We enter the village and locate the albergue. We find that our room, second story, is actually in the owner's home and we have a communal bathroom downstairs. I immediately start having problems with claustrophobia as the room is very dark, outer walls of stone and cold. I eventually find a small window hidden behind a curtain that makes me feel better. There is a huge, huge armoire in the room and a large chest standing next to it. At home the smaller piece of furniture would be considered to be a 'large piece' in most rooms! However, all shelves and hanging spaces are full so we are now quite sure they just use this family home room for overflow.

The stairs themselves are quite interesting as no two are alike. The last one, before one hits the landing going down, slants back at a steep angle---wakes you up as you trod downstairs in the middle of the night! And above is a log beam that Harlan cracked his head on twice while focusing on the irregular steps.

We ask the owner where to have a traditional Maragato lunch and he directs us to a hostel on 'Main Street.' We are served the meal on a large platter that features the following meats: chorizo sausage, salt pork, blood sausage or pudding, relleno?, chicken, oreja (ear), pata (duck), pork, jerked beef. There are also garbanzos, potatoes and vegetables (cabbage). All of the above is washed down with a hot broth that has some vermicelli (skinny pasta), thus reversing most meals where one might start off with a light broth. There is bread.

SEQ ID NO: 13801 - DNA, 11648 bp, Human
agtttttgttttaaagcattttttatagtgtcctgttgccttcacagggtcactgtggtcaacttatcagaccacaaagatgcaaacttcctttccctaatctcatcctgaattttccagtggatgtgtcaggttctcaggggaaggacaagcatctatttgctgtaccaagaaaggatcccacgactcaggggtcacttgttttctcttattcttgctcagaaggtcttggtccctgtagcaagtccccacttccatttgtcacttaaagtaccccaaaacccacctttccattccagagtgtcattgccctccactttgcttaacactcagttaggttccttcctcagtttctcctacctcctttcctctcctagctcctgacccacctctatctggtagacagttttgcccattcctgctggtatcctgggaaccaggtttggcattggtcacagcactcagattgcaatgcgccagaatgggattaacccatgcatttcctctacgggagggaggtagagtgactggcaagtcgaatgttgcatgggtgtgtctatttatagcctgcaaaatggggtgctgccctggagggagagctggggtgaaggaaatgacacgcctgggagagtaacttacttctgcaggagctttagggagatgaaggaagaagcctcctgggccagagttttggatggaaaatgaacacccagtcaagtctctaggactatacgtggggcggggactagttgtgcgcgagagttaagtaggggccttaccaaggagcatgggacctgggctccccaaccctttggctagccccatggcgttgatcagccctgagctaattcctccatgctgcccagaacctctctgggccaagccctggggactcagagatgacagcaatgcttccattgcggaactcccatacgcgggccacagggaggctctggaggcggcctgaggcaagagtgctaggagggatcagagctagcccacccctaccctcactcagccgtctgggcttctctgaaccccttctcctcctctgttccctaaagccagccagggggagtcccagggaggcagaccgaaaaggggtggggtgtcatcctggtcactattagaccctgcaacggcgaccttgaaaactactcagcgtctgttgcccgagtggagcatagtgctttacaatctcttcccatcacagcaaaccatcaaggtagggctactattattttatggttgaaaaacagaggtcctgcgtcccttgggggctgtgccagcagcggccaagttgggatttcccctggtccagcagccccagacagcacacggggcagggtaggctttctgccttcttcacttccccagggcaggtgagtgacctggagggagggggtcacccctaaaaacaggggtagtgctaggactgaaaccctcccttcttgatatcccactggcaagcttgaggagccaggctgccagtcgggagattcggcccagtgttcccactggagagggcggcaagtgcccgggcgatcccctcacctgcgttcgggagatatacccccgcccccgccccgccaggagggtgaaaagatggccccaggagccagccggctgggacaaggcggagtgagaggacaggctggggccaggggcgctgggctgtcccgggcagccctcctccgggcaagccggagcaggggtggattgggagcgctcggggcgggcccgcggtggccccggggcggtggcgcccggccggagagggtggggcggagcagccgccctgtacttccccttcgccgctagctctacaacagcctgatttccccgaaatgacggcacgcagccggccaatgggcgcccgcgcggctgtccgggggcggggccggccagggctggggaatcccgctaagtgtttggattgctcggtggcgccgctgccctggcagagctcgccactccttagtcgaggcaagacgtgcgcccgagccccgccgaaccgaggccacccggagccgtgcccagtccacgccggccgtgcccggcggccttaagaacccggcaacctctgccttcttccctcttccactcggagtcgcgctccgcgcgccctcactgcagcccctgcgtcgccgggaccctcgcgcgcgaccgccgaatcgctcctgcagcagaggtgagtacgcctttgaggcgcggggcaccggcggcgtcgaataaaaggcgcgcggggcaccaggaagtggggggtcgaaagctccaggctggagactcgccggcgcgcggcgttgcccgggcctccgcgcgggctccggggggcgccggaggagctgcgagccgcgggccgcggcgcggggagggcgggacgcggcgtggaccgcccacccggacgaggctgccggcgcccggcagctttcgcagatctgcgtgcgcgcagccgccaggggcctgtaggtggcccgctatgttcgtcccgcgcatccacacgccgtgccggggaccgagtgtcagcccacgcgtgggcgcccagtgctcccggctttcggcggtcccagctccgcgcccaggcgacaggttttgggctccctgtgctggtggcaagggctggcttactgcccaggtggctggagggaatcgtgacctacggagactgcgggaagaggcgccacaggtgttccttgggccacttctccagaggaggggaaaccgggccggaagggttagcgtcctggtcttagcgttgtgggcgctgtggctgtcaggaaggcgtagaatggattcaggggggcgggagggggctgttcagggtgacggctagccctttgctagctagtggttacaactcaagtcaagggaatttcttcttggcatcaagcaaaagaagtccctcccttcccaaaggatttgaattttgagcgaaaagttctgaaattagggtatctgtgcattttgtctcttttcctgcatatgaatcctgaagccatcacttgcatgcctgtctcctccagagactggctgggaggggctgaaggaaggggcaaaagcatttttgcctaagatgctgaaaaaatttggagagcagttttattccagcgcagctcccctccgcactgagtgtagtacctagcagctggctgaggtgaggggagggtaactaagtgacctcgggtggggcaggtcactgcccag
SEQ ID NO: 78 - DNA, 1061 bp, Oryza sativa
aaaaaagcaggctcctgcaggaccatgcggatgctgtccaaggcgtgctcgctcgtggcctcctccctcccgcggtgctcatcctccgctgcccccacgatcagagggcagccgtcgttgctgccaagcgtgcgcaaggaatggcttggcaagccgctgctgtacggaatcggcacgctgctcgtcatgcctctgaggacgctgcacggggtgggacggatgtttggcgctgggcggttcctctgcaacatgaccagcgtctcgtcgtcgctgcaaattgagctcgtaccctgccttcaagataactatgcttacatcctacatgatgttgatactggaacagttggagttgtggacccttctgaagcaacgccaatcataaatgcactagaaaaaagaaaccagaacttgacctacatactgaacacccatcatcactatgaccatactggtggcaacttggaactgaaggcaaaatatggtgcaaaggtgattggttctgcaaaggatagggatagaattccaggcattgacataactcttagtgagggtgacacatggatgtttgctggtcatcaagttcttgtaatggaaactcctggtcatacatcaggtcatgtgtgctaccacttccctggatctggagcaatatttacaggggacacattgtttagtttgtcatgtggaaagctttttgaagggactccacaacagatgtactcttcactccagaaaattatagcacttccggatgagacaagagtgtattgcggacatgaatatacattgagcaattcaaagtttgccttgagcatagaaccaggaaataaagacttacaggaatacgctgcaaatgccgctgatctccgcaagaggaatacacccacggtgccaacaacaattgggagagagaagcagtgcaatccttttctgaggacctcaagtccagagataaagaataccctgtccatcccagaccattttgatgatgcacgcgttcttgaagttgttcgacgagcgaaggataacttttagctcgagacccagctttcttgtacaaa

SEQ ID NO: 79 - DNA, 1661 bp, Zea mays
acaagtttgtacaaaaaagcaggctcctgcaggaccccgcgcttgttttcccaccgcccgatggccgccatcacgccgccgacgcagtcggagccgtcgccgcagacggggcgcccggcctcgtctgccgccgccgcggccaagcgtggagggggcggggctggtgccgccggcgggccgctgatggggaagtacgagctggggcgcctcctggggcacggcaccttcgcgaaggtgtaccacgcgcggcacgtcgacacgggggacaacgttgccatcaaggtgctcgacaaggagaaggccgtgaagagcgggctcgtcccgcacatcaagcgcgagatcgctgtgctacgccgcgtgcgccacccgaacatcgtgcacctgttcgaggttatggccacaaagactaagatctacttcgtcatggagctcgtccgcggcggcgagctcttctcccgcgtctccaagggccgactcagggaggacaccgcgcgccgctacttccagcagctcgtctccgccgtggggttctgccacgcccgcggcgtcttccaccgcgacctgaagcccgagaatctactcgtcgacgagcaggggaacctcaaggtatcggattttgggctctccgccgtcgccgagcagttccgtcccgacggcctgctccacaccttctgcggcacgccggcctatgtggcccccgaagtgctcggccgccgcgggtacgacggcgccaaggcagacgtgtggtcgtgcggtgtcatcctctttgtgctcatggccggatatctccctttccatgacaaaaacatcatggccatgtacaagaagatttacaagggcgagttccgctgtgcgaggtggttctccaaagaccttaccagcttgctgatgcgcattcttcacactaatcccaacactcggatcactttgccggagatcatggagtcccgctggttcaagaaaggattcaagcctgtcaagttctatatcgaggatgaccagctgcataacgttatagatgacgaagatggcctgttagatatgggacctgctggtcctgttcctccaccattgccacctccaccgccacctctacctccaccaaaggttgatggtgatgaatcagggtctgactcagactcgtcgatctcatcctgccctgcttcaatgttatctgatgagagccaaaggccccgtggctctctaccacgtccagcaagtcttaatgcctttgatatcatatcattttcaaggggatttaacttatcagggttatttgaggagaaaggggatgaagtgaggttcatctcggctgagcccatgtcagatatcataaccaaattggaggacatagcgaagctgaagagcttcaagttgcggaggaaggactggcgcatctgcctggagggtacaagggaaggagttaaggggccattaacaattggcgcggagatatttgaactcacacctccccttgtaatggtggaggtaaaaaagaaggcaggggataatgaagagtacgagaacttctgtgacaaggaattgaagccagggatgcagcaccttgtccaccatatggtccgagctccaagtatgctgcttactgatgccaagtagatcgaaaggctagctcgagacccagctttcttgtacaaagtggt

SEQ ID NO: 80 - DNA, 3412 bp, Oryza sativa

We also manage to get over for vespers in the nick of time. The parish Church of Santa Maria is thought to have been built by the Templars. It has been restored and an order of monks from Bavaria have taken up residence on the square and offer a retreat and provide the services for the church. We squeeze in right before seven and the little church is packed and in a few minutes it is standing room only. The priest for the service is visiting from Germany and, with a show of hands, determine there are more English speaking pilgrims that night than pilgrims speaking German, Spanish or Italian. So he gives the homily in English! He speaks of aligning your inner journey, your spiritual journey, with the physical or earthly journey.